Analogous laws in other states have affected owners of rental properties who objected to renting to unmarried cohabiting couples. See Swanner v. Anchorage Equal Rights Commission, 874 P.2d 274 (Alaska 1994). In a Canadian case, an evangelical charity that operates residential homes for people with disabilities fired a lesbian employee, and a lawsuit was filed resulting in a court order to the ministry to adopt a nondiscrimination policy regarding sexual orientation and train its employees not to discriminate on that basis. See Ontario Human Rights Commission v. Christian Horizons, 2010 ONSC 2105 (Ont. Div. Ct. 2010).

How could one of these proposed ordinances affect employers?

The current employment system in Utah is, of course, not perfect. It will sometimes allow people to be hired or fired for frivolous or even bad reasons. Of course, most Utahns surely believe that a person should be hired or fired or promoted based solely on factors related to job performance, though the law does not reflect that ideal. This speaks well of the people of the state. Creating a legal mandate of non-discrimination singling out “sexual orientation” and “gender identity” for special protection, though, would have unintended consequences for employers (likely without accomplishing the goal of equal opportunity).

“Sexual orientation” and “gender identity” discrimination laws necessarily modify the decision-making process for employers. Any business decision that involves an employee who identifies as “gay” or “transgender” will have to be made knowing that it might trigger an accusation of discrimination. Salt Lake City’s explanatory materials say that employers can still fire a “gay” employee if that employee has a drug problem or some issues that are work-related, but the employer is still likely to have to prove that the problem rather than the “orientation” motivated the decision. It may simply be the case that when adverse decisions need to be made, an employer will “play it safe” by letting go of a non-“gay” employee who cannot make a discrimination complaint rather than a “gay” employee who could.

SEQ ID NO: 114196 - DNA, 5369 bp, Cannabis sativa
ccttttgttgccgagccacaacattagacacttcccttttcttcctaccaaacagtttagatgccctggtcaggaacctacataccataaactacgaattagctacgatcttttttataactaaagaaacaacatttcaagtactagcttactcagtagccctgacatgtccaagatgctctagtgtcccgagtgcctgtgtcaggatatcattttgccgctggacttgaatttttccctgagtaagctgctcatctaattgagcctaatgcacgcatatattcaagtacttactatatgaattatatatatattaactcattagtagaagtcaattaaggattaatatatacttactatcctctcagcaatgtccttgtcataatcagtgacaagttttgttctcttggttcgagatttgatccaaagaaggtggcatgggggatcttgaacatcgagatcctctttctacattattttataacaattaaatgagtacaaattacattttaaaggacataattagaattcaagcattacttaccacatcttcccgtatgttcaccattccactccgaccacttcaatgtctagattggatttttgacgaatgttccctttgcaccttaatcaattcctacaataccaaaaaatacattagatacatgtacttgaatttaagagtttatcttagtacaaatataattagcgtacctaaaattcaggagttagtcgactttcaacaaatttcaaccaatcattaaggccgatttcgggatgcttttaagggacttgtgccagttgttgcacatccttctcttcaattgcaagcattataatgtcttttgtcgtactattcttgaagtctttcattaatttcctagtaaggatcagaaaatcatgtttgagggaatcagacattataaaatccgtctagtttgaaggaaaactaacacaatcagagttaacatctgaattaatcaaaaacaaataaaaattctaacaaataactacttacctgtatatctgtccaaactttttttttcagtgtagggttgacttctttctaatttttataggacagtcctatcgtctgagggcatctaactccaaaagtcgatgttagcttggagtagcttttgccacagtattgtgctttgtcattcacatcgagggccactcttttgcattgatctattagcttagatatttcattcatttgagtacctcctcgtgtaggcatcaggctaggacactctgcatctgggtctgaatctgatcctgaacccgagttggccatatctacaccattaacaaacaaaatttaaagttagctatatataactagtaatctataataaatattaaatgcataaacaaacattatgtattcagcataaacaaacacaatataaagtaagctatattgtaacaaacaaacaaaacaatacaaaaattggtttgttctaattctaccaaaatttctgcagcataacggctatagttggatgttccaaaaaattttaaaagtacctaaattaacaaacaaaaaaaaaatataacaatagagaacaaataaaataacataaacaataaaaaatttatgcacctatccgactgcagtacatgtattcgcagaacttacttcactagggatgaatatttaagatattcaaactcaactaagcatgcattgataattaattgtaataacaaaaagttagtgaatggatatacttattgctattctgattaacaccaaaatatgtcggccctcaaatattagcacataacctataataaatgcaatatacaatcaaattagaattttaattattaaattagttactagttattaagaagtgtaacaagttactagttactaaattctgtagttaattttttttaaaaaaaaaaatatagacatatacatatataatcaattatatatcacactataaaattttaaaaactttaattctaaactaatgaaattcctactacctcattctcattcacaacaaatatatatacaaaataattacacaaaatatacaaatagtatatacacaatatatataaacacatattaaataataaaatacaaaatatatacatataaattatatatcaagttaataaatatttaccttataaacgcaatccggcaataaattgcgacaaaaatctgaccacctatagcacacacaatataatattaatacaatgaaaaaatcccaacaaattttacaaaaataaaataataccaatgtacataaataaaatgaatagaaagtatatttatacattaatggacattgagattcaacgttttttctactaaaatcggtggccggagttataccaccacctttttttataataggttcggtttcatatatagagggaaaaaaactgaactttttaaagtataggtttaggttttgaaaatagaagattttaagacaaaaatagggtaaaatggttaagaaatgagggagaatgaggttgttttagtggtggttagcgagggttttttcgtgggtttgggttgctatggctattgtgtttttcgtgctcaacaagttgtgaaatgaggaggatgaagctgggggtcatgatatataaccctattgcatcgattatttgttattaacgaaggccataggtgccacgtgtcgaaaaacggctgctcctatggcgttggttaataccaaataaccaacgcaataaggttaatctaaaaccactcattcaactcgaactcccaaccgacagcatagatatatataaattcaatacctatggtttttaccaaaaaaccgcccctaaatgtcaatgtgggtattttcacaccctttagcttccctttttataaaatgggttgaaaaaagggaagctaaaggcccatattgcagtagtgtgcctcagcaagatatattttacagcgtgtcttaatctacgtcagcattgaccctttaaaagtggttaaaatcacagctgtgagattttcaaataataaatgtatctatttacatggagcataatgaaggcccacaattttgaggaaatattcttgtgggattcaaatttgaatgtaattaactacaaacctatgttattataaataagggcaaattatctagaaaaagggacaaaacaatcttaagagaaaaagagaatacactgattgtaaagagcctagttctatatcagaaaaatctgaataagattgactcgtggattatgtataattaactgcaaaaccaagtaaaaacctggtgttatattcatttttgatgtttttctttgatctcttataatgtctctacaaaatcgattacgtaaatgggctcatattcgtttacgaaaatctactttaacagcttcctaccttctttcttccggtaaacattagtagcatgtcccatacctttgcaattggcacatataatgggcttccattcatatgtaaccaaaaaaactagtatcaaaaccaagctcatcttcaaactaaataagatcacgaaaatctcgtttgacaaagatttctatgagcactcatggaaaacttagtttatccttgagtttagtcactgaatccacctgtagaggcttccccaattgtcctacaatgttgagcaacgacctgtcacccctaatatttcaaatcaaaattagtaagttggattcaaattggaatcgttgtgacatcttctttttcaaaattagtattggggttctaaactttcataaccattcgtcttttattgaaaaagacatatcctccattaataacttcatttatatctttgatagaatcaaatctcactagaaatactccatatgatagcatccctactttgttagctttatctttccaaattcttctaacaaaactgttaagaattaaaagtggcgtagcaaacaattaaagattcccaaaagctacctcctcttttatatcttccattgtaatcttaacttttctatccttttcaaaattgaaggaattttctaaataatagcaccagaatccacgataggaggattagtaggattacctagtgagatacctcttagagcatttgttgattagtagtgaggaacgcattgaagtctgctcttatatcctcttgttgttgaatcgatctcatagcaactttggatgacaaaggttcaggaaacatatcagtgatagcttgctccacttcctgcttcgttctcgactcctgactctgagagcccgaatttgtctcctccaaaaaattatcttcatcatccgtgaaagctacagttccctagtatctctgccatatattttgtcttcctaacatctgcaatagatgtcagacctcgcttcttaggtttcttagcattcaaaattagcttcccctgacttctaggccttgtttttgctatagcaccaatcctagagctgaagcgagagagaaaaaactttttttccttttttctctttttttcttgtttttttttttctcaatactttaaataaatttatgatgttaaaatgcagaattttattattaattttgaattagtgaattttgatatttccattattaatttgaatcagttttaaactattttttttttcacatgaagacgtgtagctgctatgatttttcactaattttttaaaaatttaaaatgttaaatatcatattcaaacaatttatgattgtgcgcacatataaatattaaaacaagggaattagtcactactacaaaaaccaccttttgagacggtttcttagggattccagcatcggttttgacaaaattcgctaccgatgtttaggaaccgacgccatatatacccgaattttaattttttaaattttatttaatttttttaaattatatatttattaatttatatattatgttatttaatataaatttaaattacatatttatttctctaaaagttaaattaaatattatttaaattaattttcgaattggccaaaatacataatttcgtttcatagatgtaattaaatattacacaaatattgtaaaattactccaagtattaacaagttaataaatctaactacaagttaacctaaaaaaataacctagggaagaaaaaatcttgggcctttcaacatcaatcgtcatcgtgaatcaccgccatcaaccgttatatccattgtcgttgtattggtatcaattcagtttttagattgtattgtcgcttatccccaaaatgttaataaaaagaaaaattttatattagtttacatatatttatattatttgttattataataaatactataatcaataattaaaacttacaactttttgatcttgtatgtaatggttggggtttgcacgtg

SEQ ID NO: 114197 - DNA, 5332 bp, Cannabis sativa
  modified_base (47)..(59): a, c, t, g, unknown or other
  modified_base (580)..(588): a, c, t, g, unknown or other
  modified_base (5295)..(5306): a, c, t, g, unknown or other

The accusation will have added weight because the proposed discrimination ordinance creates a formal complaint process that could trigger prosecution by the city at most and an investigation at least. This raises the probability of compliance costs including attorney fees, training for employees to ensure they do not inadvertently say or do anything that might become the basis for a complaint, and even changes to restroom facilities. Even with an exemption for businesses with less than 15 employees, the proposed ordinances still apply to many businesses with very few employees. Added costs for such businesses could easily make a significant difference in the employer’s ability to do business.

Most employers will want to be fair and would gladly live by the principle that job performance is the correct criteria for employment decisions. A simple example helps one understand that this idea, simple in theory, can be complex in practice and becomes fraught with problems when used as a legal absolute.

Imagine an employer hires an individual for an outside sales position. This individual is hardworking, friendly and knowledgeable. These are the obvious indicators of job performance and they are all favorable for this individual. Then, the employee decides to begin wearing earrings that create large spaces in the ears. The employer feels uncomfortable with the way the employee will be perceived by customers and co-workers. Is this irrational? No, because although the employee may be well qualified in tangible things (punctuality, knowledge of product, etc.) they might create a business liability in intangible ways (the comfort level of customers, relationships with coworkers). Employers have to be given some leeway to reflect these important intangible factors in their decisions since they can have tangible effects on the viability of the business. Where a discrimination ordinance is in place an employer may honestly be concerned that an employee is alienating customers but will invariably have to be prepared for an accusation that his decision is discrimination against an employee’s “sexual orientation” or “gender identity” and be prepared to respond to formal complaints and prosecution by the city.